What is the future of assisted reproduction?

What is the future of assisted reproduction?

As we explained in our last post, industry experts such as David Sable assure us that the future of assisted reproduction lies in discovering as much information as possible about embryos to prevent the transmission of disease and ensure the birth of healthy children.

The human genome project represents an important breakthrough for assisted reproduction as it has led to the development of a technique that allows embryos to be diagnosed before implantation in the womb.

What is preimplantation genetic diagnosis (PGD)?

Preimplantation genetic diagnosis (PGD) is a method used to study embryos to ascertain whether or not they carry genetic disease before being transferred to the womb. This means that only healthy embryos are transferred.

Preimplantation genetic diagnosis has become a key treatment for people who are affected by hereditary disease and who want to prevent these diseases from being passed on to their children.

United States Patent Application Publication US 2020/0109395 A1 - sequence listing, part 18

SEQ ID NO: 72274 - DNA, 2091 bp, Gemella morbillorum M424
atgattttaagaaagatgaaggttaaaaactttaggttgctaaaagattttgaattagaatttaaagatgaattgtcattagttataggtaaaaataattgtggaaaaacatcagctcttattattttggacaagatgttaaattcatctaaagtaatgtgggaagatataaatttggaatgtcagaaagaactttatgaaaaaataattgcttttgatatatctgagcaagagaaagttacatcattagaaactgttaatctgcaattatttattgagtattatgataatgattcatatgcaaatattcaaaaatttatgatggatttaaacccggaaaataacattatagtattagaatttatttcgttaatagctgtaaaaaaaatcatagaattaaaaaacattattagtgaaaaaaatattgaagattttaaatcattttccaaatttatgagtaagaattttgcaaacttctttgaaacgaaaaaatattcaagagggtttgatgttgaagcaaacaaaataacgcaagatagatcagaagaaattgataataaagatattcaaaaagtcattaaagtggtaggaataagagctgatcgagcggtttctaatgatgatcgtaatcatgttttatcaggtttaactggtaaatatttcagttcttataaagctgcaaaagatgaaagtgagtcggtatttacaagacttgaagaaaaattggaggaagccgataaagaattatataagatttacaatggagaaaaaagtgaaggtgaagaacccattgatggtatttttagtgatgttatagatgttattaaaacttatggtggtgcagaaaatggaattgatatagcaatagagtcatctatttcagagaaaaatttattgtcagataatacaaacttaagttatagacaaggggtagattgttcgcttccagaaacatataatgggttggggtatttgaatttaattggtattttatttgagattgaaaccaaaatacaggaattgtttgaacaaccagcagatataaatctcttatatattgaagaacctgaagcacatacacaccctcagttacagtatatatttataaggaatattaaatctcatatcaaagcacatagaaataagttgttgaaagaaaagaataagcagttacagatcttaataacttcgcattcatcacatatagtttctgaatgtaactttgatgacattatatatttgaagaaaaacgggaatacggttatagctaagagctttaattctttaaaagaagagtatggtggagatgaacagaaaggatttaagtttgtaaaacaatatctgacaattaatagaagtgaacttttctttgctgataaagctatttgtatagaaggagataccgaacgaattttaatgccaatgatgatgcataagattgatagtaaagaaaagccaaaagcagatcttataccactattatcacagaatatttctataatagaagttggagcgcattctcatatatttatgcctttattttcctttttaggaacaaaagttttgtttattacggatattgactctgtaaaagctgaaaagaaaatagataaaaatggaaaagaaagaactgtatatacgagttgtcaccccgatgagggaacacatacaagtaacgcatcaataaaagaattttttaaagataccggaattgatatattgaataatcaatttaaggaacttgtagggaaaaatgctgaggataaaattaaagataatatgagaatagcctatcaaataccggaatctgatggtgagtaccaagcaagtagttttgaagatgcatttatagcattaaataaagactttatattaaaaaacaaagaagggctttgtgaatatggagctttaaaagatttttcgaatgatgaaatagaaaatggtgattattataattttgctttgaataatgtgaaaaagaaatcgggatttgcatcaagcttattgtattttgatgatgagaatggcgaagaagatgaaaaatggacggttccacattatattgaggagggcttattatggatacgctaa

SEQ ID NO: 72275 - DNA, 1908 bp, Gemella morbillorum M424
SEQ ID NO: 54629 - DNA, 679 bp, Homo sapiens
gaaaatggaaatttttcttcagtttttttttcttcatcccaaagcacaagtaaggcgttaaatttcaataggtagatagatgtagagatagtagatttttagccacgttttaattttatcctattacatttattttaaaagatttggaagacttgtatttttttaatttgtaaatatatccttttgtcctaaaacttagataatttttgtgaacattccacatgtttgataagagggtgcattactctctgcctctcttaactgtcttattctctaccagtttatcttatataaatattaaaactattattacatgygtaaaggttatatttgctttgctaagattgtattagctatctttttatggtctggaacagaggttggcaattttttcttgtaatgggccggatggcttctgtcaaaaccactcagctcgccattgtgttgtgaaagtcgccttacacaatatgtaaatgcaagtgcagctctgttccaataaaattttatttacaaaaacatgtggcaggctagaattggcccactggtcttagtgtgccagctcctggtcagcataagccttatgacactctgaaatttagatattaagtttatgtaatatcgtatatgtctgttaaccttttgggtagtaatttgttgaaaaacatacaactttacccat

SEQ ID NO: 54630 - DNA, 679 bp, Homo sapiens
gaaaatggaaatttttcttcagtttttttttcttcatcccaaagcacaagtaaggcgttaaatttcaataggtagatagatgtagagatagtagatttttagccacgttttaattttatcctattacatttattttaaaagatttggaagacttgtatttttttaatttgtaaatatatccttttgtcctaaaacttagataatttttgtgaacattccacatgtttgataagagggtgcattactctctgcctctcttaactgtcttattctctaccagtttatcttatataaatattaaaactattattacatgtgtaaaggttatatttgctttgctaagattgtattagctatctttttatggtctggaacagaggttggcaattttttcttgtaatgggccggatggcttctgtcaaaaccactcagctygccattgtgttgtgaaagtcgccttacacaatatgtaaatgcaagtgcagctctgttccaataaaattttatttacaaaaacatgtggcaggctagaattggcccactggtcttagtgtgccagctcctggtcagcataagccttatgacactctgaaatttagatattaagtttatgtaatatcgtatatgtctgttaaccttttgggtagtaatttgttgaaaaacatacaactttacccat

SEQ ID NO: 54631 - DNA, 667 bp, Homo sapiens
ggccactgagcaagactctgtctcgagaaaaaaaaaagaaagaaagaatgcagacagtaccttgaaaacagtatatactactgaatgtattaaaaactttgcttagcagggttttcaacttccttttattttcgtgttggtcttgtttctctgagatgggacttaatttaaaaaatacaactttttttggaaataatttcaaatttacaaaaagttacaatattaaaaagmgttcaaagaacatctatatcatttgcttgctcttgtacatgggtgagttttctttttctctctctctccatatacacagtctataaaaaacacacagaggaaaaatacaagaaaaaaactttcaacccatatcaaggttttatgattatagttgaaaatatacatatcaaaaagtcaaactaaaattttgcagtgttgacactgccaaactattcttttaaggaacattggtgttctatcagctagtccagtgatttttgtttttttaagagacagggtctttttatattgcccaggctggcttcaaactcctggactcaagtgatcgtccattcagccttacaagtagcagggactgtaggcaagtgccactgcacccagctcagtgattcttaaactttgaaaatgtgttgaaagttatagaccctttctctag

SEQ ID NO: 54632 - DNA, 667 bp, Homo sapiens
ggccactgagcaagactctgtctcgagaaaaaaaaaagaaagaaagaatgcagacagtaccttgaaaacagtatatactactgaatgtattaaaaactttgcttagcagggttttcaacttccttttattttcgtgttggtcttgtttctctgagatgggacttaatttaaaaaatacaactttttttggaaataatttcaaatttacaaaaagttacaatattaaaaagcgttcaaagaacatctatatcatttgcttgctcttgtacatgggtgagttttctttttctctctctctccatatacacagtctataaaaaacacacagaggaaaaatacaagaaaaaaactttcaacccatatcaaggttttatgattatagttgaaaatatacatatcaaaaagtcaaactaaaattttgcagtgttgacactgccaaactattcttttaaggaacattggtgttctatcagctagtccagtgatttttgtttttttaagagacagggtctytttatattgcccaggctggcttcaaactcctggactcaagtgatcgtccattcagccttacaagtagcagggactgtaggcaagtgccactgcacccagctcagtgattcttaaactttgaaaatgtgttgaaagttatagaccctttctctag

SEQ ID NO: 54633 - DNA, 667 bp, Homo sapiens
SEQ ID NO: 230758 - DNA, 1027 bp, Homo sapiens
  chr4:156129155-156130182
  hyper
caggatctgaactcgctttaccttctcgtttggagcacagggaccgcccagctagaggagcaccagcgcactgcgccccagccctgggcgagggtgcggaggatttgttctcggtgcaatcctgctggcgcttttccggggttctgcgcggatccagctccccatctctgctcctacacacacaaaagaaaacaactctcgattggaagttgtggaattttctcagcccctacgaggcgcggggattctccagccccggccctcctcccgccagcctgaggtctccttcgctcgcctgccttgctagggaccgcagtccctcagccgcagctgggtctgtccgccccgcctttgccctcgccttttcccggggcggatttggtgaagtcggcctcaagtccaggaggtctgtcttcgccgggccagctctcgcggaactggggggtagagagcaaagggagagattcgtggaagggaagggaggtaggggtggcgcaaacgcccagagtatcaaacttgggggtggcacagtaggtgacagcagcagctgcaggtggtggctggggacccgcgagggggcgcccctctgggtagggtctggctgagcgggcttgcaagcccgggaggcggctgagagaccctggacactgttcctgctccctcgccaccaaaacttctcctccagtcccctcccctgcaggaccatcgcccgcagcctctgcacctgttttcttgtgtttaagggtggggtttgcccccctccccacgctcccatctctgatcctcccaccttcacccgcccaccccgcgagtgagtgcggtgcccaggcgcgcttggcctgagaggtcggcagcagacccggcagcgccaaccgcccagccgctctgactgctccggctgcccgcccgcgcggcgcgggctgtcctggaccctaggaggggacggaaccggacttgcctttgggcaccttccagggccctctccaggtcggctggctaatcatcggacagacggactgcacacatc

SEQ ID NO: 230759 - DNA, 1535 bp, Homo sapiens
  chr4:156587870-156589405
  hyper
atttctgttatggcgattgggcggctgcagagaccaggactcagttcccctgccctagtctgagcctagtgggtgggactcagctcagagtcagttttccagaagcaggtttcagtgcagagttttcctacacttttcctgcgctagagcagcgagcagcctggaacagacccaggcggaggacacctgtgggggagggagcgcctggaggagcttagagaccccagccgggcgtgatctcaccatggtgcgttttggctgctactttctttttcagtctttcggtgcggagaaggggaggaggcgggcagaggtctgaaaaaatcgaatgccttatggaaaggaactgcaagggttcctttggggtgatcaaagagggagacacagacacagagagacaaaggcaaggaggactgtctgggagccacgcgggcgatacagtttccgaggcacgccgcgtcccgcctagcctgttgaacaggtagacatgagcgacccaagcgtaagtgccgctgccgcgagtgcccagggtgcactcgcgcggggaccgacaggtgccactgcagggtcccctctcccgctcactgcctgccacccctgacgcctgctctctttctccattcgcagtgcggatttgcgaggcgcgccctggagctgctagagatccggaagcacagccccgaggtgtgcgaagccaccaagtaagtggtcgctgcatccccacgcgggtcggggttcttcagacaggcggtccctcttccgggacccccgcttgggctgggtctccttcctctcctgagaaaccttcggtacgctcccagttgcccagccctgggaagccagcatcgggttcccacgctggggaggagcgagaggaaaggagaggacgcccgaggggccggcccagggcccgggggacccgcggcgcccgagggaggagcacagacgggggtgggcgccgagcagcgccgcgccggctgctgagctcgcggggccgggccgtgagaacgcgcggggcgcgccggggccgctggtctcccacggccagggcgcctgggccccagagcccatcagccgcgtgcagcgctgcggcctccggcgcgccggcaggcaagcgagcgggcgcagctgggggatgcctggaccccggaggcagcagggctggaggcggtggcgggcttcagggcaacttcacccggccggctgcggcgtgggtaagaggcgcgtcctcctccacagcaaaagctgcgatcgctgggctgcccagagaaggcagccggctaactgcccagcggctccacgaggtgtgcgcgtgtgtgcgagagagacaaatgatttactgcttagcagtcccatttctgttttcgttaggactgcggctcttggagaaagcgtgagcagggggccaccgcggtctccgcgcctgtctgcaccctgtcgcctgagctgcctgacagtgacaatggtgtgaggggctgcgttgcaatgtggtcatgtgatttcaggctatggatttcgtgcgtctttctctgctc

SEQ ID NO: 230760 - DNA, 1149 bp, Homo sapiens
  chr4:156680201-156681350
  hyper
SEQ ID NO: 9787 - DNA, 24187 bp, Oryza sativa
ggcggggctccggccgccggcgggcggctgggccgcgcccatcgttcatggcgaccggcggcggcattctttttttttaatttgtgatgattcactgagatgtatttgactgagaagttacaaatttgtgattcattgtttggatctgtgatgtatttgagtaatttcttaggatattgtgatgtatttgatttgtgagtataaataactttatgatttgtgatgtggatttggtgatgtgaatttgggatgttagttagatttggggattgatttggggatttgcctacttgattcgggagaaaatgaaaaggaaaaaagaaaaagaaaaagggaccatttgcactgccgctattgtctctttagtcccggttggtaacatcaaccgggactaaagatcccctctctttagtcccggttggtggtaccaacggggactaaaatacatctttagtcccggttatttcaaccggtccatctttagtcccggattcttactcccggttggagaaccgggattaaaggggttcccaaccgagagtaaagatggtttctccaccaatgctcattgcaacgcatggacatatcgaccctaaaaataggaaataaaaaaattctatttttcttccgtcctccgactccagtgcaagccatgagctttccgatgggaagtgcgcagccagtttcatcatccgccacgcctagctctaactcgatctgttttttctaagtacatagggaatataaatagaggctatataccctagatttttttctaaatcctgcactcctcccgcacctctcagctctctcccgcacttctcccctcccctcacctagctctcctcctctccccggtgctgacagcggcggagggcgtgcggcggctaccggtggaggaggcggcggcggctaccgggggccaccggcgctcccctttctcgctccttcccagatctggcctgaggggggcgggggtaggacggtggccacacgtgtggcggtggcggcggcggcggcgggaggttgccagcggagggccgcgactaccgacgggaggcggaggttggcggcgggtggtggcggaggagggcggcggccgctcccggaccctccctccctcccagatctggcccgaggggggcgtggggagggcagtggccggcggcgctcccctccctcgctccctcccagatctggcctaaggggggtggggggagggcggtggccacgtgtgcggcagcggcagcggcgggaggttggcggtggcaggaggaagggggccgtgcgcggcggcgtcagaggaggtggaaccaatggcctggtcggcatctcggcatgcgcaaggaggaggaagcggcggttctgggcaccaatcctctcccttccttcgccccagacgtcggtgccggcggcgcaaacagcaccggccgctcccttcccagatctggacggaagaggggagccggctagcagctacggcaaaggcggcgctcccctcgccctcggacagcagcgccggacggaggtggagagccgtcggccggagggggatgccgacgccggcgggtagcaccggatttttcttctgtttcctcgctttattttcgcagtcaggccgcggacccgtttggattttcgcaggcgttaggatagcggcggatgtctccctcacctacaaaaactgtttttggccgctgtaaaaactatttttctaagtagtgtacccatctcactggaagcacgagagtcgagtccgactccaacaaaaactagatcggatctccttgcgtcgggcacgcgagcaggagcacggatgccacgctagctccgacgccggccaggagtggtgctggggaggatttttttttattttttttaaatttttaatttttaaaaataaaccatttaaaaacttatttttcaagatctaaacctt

PGD is recommended in the following cases:

–   People who are carriers of genetic anomalies, for example chromosomal reorganisations or numerical alterations of chromosomes.

–   Couples who have experienced pregnancy with a foetus that has a chromosomal alteration.

–   People who have, or who are carriers of, monogenic diseases or conditions linked to sexual chromosomes.

–   Women who have experienced more than two miscarriages or repeated embryo implantation failure through in vitro cycles.

PGD and the future of fertility clinics

The problem with some of these genetic conditions is that they affect so few people that the cost of conducting research to treat the condition is high. This renders preimplantation genetic diagnosis a valuable alternative. At the same time, this study is increasingly offered to people undertaking treatment, particularly when the embryo quality is conditioned by the age of the person receiving treatment.  For fertility clinics like Procreatec, using preimplantation genetic diagnosis ensures embryo quality and positive results. It also minimises the risks associated with multiple pregnancies to ensure healthy babies.

As Paul Dovrey noted when he came to Spain, PGD is a technique that allows completely healthy embryos to be selected that are suitable for transfer and achieving pregnancy.

The future of assisted reproduction lies in ensuring risk free pregnancy and healthy children, which can be achieved through genetic diagnosis and the transfer of single healthy embryos. This in turn will prevent multiple births and hereditary disease.

What techniques are used in genetic diagnosis?

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